Truss car crash interviews on BBC local radio on cost of living and fracking

Having absented herself from the media for days, the prime minister chose to defend her decisions and Kwasi Kwarteng’s mini-budget on BBC local radio. Truss appeared on breakfast shows on BBC Radio Leeds, Norfolk, Kent, Lancashire, Nottingham, Tees, Bristol and Stoke. Her media advisers clearly thought local radio would be a soft touch with presenters more used to talking about a church fete. So very wrong. The interviews were sometimes excruciating. You could hear pauses at times, as she struggled to find her scripted reply and to remember which radio station was interviewing her.

First up for the prime minister was an interview with on BBC Radio Leeds. As the first of the day, it wasn’t so much of a car crash for Truss as the later interviews.

Compare this to a BBC Radio Bristol interview a little later, where James Hansen gave Truss a hard time. Truss struggled to answer questions and continually returned to her script. She reminded me of an actor on the stage forgetting the lines and waiting for the sotto prompt.

Reacting to the BBC Radio Bristol interview, Daisy Cooper said:

It beggars’ belief that Liz Truss repeatedly failed to guarantee that people’s pensions will be safe. The Conservatives under Liz Truss have thrown away any shred of economic competence they had left.

She failed to offer any reassurance to people who are worried sick about the impact of this budget on their pensions, mortgages and bills. Instead the Prime Minister is digging in with this totally disastrous approach that only benefits the very wealthiest while the vast majority suffer.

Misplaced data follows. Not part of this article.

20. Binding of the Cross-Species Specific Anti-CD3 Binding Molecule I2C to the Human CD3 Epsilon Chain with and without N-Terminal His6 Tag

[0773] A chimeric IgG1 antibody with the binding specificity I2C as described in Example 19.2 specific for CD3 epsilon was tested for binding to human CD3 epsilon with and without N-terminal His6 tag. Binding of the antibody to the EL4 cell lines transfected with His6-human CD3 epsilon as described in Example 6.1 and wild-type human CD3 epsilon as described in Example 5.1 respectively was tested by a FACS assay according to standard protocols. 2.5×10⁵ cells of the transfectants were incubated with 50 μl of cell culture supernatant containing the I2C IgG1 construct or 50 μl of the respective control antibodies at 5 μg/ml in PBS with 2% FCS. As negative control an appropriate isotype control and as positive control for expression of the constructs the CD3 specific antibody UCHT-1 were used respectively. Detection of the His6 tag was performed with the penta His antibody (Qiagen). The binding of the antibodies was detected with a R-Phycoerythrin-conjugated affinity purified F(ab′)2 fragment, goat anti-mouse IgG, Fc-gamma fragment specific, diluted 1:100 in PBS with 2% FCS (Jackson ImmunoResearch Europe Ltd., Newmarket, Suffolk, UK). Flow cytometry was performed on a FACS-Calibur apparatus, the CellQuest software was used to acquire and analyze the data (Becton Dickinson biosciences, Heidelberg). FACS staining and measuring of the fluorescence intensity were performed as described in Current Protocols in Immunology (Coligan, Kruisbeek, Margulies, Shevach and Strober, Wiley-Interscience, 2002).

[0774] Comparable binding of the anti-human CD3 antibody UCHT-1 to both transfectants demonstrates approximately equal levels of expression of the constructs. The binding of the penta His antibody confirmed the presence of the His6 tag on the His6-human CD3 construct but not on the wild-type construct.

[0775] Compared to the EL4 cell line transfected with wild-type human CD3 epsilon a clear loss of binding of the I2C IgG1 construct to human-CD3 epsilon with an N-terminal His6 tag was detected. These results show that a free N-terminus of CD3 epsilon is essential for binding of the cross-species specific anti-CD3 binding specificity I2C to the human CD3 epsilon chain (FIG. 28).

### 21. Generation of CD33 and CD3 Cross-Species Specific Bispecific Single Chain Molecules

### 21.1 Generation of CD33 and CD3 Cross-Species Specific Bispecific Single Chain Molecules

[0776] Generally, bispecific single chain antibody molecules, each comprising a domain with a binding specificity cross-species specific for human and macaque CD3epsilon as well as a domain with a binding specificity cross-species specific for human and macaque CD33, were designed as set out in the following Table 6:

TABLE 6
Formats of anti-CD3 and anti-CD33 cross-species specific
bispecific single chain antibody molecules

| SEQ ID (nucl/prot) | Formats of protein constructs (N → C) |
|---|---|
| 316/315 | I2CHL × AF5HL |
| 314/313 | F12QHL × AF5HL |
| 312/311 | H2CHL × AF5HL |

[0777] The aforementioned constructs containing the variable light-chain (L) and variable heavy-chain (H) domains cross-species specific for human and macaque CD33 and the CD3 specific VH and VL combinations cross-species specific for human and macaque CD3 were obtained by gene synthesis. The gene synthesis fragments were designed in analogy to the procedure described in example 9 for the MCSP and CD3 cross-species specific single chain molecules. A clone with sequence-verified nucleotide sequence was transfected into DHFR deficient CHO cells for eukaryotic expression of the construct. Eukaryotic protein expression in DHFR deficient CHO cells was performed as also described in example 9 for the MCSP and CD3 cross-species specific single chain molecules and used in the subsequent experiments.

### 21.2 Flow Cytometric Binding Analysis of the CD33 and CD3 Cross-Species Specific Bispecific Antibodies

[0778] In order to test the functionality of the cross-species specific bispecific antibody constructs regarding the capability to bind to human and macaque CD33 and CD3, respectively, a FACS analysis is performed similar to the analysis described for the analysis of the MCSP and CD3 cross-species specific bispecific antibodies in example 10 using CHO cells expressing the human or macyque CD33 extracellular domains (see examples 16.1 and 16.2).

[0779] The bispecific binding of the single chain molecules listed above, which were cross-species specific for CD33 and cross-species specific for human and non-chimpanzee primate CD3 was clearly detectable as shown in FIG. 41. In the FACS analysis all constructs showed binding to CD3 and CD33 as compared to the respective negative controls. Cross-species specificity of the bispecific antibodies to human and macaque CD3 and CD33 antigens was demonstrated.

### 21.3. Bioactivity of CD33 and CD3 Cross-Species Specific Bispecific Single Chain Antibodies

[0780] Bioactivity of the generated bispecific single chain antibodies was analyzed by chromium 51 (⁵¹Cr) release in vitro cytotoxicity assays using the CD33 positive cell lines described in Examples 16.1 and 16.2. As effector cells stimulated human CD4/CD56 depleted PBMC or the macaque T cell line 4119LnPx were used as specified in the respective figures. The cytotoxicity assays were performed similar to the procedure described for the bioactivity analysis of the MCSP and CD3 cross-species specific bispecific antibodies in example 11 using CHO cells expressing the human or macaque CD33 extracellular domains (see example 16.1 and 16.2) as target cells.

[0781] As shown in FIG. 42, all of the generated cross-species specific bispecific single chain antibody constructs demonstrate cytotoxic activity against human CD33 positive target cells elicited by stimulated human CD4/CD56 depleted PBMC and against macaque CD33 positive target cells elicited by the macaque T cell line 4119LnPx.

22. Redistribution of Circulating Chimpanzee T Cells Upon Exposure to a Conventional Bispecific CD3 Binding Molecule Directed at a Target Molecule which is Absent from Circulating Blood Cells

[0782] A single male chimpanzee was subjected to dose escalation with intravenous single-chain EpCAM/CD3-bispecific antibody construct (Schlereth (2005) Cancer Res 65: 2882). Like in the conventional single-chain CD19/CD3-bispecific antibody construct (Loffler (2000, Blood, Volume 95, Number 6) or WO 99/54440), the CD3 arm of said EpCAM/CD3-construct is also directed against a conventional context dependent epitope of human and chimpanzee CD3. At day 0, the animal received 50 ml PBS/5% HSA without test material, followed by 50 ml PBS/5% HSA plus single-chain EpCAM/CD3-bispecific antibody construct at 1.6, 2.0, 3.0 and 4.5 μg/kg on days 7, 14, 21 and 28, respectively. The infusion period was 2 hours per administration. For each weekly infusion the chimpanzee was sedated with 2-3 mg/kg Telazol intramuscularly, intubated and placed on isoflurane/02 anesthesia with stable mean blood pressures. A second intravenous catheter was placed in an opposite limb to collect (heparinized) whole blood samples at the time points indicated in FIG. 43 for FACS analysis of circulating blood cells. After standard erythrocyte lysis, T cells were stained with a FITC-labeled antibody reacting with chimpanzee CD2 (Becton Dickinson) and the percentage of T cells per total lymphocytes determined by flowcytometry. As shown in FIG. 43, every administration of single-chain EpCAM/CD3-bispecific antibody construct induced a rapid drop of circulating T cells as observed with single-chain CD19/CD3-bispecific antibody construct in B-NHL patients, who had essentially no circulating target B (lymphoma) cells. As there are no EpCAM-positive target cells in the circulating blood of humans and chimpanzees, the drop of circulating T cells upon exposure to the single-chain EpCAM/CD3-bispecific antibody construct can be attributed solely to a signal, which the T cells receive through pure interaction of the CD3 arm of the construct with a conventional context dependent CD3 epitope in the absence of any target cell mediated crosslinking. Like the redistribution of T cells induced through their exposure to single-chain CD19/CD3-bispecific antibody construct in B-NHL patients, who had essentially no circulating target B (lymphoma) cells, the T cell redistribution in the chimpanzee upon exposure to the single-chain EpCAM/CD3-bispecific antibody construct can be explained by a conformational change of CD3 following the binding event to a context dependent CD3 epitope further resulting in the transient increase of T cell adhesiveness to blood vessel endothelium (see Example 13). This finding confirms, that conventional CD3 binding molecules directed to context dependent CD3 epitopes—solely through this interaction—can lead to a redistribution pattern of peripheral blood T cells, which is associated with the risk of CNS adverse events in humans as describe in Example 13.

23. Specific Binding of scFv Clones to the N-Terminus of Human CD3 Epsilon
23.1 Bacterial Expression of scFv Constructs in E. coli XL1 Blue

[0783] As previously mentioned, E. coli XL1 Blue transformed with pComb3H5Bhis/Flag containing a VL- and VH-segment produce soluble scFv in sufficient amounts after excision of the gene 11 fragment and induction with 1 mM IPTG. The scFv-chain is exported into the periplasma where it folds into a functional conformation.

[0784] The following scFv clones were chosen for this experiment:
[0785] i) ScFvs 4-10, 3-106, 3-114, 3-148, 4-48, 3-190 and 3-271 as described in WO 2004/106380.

Towards the end of her media round, Liz Truss spoke to BBC Lancashire, where she was repeatedly challenged by presenter Graham Liver on fracking. Under pressure, she struggled to get back to her script.

Wera Hobhouse MP said:

Truss’s excruciating inability to answer even the most basic questions shows her talk of local consent is a sham. From Surrey and Sussex to Somerset and Shropshire, people are anxious that they will soon be part of a hair-brained experiment, with no say at all.

Her own scientists refuse to say it’s safe, her own chancellor says it won’t bring down prices and we all know it will only worsen the climate emergency. Why is the Prime Minister determined to impose such destruction on the British public?

Once again Truss has revealed her contempt for rural communities. Their concerns: over water pollution, climate change, and the destruction of their local countryside are viewed as irrelevant by the Prime Minister.

BBC Breakfast presenter John Kay summed up the morning round of interviews by Truss saying, “the Tories obviously though BBC local radio presenters were soft.” No, they ain’t:

Former R4 Women’s Hour presenter, Jane Garvey was more acerbic:

Podcaster Dino Sofos said: “The PM is literally lost for words on BBC Stoke when questioned about mortgages”:

Liz Truss seems to live in a permanent world of denial, so she probably thought these interviews went well. The Tories have been scraping the bottom of the barrel for leaders for a while. Now it looks like the bottom has fallen out of the party’s barrel, as well as out of the economy.

* Andy Boddington is a Lib Dem councillor in Shropshire. He blogs at andybodders.co.uk. He is Thursday editor of Lib Dem Voice.

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8 Comments

  • Paul Barker 29th Sep '22 - 7:38pm

    On the face of it the Polls are all over the place but actually if you only take those since Friday only YouGov is out of line, the others all have Labour around 47% & Tories on 29% or 30%.
    We can forget about putting pressure on Labour, if we want to see Electoral Reform we have use persuasion & soft voices.

  • Latest, Lab 54. Con 21, Lib Dem 7. Tonight, you gov.